Quirks in accounting rules have increased the value of final salary pension transfers, even though many schemes are significantly underfunded.
Financial advisers say the value of transferring out of some final salary schemes has risen by as much as 85 per cent in the past few months.
At first, it may seem puzzling that scheme members are being told that the cash value of their pension has risen, at a time when funding for the schemes is so poor.
After 18 months of falling stock markets, the funds accumulated to pay out annual pensions to members of final salary schemes are now in deficit to the tune of around £200bn.
In an attempt to manage these shortfalls, employers have been closing schemes to new members. Hundreds of thousands of employees are set to lose their right to a final salary pension over the next few years, according to the National Association of Pension Funds.
So, underfunded schemes should have lower transfer values, in order to protect the pot of money needed to pay out pensions to existing members. But in October last year, the Department for Work and Pensions set up new rules to determine the value of an individual’s final salary pension. The changes mean that if a employer is still solvent, transfer values should not be reduced, even if the scheme is underfunded.
At the same time, gilt yields, which are used to determine the rate of return on pension investments, have fallen. So, as the assumed rate of investment return for final salary schemes fell at the end of last year, the amount quoted for transfer values rose.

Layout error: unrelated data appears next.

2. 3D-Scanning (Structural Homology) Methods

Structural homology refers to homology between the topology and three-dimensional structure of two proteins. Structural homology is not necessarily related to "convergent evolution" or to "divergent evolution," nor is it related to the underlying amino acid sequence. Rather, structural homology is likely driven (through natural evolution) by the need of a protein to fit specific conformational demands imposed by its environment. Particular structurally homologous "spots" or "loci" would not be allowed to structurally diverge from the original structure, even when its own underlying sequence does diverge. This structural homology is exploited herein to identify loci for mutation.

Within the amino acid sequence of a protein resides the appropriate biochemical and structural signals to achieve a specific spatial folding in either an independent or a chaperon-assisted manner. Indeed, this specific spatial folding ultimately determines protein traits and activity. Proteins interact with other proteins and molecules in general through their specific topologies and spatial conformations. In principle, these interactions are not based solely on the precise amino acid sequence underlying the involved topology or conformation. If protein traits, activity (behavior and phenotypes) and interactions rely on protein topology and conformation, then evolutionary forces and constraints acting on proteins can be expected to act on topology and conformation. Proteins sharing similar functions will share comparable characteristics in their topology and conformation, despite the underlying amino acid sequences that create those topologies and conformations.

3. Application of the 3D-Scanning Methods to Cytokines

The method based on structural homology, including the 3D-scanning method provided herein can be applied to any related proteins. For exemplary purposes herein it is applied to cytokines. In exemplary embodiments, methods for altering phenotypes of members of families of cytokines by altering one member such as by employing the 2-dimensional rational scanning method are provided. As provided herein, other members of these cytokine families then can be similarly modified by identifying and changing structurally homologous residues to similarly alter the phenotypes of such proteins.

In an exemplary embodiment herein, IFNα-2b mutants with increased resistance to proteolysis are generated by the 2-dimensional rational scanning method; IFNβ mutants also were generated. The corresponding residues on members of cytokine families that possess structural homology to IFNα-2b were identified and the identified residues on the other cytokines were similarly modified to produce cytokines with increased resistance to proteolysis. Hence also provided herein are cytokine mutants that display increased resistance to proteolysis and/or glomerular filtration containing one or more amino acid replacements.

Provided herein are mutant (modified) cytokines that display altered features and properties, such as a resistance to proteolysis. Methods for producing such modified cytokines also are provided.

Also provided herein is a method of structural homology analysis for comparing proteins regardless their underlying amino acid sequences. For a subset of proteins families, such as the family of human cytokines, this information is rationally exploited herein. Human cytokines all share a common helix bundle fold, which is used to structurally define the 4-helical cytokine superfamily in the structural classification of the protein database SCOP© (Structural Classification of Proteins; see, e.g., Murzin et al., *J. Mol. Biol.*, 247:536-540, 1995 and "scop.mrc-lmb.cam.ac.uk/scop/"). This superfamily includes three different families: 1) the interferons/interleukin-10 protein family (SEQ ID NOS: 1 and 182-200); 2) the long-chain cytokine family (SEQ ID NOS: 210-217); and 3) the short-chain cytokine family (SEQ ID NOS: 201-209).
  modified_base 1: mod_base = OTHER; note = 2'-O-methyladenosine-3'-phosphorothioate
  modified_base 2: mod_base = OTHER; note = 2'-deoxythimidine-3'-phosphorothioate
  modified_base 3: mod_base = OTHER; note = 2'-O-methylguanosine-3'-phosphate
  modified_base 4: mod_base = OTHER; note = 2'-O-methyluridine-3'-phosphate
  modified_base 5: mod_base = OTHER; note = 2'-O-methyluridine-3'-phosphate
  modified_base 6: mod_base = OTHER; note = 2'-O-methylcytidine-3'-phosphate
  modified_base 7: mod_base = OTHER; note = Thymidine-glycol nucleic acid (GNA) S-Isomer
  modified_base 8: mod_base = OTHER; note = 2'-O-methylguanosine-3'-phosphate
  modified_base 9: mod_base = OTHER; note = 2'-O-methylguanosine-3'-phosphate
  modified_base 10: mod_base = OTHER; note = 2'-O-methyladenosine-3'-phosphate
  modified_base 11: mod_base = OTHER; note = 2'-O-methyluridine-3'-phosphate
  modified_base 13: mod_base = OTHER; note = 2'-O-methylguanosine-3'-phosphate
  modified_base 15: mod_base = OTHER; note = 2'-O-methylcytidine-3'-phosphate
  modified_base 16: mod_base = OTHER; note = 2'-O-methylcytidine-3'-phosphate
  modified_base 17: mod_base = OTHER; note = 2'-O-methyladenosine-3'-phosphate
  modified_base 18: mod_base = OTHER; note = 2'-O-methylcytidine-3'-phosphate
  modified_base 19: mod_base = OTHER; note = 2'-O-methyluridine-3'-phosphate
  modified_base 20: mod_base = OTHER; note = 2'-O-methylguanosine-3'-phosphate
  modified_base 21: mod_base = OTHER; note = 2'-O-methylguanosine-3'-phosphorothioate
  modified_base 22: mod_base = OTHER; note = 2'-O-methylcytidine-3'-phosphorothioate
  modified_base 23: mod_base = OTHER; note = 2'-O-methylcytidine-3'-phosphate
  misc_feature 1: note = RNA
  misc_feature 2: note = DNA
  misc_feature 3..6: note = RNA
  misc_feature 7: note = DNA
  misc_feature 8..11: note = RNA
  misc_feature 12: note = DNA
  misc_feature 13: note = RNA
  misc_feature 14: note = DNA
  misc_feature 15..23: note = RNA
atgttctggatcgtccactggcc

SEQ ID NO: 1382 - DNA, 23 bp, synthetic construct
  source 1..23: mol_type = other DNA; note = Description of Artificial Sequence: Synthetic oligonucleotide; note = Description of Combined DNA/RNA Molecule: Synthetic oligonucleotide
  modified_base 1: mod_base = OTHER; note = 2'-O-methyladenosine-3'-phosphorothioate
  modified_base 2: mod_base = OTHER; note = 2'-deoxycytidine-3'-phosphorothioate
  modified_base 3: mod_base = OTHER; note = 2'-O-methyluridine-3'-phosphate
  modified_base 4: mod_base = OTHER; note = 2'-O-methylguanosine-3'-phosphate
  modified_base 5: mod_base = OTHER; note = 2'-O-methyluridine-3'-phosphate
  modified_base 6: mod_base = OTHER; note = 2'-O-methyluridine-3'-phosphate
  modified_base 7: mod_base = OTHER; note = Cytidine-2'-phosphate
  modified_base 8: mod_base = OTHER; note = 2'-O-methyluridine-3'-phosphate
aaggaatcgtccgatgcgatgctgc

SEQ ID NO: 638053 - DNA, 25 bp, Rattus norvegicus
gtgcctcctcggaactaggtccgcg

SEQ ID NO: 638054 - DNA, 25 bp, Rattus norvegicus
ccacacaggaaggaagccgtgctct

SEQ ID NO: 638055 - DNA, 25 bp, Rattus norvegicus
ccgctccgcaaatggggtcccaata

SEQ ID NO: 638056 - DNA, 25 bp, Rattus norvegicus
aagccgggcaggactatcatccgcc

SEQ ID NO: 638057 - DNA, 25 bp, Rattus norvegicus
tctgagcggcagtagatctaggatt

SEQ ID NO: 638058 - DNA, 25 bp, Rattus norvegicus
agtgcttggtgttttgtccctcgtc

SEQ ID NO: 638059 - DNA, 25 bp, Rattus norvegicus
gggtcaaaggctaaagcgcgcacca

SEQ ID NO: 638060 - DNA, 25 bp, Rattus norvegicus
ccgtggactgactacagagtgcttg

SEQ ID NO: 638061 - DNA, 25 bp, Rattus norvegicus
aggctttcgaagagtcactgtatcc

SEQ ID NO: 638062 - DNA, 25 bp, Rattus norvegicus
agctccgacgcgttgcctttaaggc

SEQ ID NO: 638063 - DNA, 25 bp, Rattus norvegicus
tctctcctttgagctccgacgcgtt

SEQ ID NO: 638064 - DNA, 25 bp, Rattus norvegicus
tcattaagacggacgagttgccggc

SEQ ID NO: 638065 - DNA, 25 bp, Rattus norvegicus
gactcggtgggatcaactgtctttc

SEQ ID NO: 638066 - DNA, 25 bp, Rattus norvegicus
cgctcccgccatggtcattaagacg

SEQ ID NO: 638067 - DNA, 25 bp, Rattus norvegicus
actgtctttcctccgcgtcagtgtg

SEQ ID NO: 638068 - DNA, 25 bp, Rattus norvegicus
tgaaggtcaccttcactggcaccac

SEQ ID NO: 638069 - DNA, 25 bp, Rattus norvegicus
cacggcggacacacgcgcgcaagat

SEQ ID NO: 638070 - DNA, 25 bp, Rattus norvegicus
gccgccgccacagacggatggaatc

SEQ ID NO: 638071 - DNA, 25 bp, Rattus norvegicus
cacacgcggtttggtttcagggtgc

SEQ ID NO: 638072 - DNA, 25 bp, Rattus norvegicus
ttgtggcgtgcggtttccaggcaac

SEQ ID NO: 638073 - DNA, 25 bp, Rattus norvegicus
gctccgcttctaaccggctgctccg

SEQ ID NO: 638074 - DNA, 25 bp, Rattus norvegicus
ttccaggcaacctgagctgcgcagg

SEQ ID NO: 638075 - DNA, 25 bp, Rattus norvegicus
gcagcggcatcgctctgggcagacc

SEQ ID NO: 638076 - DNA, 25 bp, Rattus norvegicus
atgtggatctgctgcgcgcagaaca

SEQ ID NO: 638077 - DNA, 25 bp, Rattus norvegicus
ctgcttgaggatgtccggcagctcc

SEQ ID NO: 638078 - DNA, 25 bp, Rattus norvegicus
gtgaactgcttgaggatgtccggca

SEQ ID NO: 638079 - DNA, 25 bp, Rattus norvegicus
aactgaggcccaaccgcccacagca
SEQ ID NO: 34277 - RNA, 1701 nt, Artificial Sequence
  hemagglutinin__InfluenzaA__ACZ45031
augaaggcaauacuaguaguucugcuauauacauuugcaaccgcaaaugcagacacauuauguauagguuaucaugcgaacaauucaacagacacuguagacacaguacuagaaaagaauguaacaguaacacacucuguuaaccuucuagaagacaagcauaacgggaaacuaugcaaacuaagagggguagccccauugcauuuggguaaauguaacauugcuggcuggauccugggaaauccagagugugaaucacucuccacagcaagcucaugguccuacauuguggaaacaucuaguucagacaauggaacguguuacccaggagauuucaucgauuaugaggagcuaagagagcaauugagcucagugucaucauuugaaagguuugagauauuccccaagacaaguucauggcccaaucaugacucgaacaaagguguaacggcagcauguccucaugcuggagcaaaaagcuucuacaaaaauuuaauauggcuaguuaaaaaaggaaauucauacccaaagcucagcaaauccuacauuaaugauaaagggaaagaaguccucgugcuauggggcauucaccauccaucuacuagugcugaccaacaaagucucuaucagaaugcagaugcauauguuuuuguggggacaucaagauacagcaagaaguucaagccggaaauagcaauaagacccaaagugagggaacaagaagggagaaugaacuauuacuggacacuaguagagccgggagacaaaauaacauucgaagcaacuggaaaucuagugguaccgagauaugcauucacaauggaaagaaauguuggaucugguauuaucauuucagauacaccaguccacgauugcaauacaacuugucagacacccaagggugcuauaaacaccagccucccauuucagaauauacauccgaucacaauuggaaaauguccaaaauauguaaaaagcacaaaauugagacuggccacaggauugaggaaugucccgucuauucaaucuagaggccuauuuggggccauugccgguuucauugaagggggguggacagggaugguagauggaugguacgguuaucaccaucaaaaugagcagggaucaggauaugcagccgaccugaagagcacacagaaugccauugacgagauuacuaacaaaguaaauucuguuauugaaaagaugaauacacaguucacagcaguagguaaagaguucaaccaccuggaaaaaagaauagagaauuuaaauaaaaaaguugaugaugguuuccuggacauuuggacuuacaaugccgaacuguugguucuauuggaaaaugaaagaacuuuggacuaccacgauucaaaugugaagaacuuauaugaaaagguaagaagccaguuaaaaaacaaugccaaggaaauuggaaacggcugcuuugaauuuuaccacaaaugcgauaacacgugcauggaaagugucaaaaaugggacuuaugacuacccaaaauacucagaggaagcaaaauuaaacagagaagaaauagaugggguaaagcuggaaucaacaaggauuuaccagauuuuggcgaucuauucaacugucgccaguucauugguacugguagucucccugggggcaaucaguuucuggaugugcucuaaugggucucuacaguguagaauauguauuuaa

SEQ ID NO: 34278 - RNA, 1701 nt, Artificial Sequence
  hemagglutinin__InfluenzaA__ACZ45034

This is because transfer values use the assumed rate of annual return to calculate the amount of capital that savers need to attain the same annual pension they get in a final salary scheme. If returns are low, the amount of capital needed for investment needs to be greater.
It is too early to say if the increase in transfer values will last. Trustees who want to lower transfer values because of underfunding can still do so – as long as they commission a special report detailing the reasons for the change. If more of these are commissioned, then transfer values could start to fall quickly.
Keith Williams, actuary at First Actuarial, points out that gilt yields are also starting to rise, meaning the assumed rate of interest will rise and values could fall.
Investors who want to control their own pension, or are concerned about the funding of their scheme and whether the UK’s protection scheme will cover their retirement benefits, are therefore being advised to request an updated version of their transfer values now.
In spite of the higher transfer values for most people, the benefits of a final salary scheme – which pays out an annual proportion of salary regardless of how well or badly the underlying investments are performing – will usually outweigh the benefits of transferring out.
Those who opt out and invest the money themselves, without the protection of the scheme, may find it difficult to achieve returns that match their scheme’s assumption, warn advisers.
“An increased transfer value does not necessarily mean investors are advised to transfer,” says Laith Khalaf, pensions analyst at Hargreaves Lansdown.
“Final salary benefits are often so good that even a substantial rise in the transfer value may not change the recommendation not to transfer.”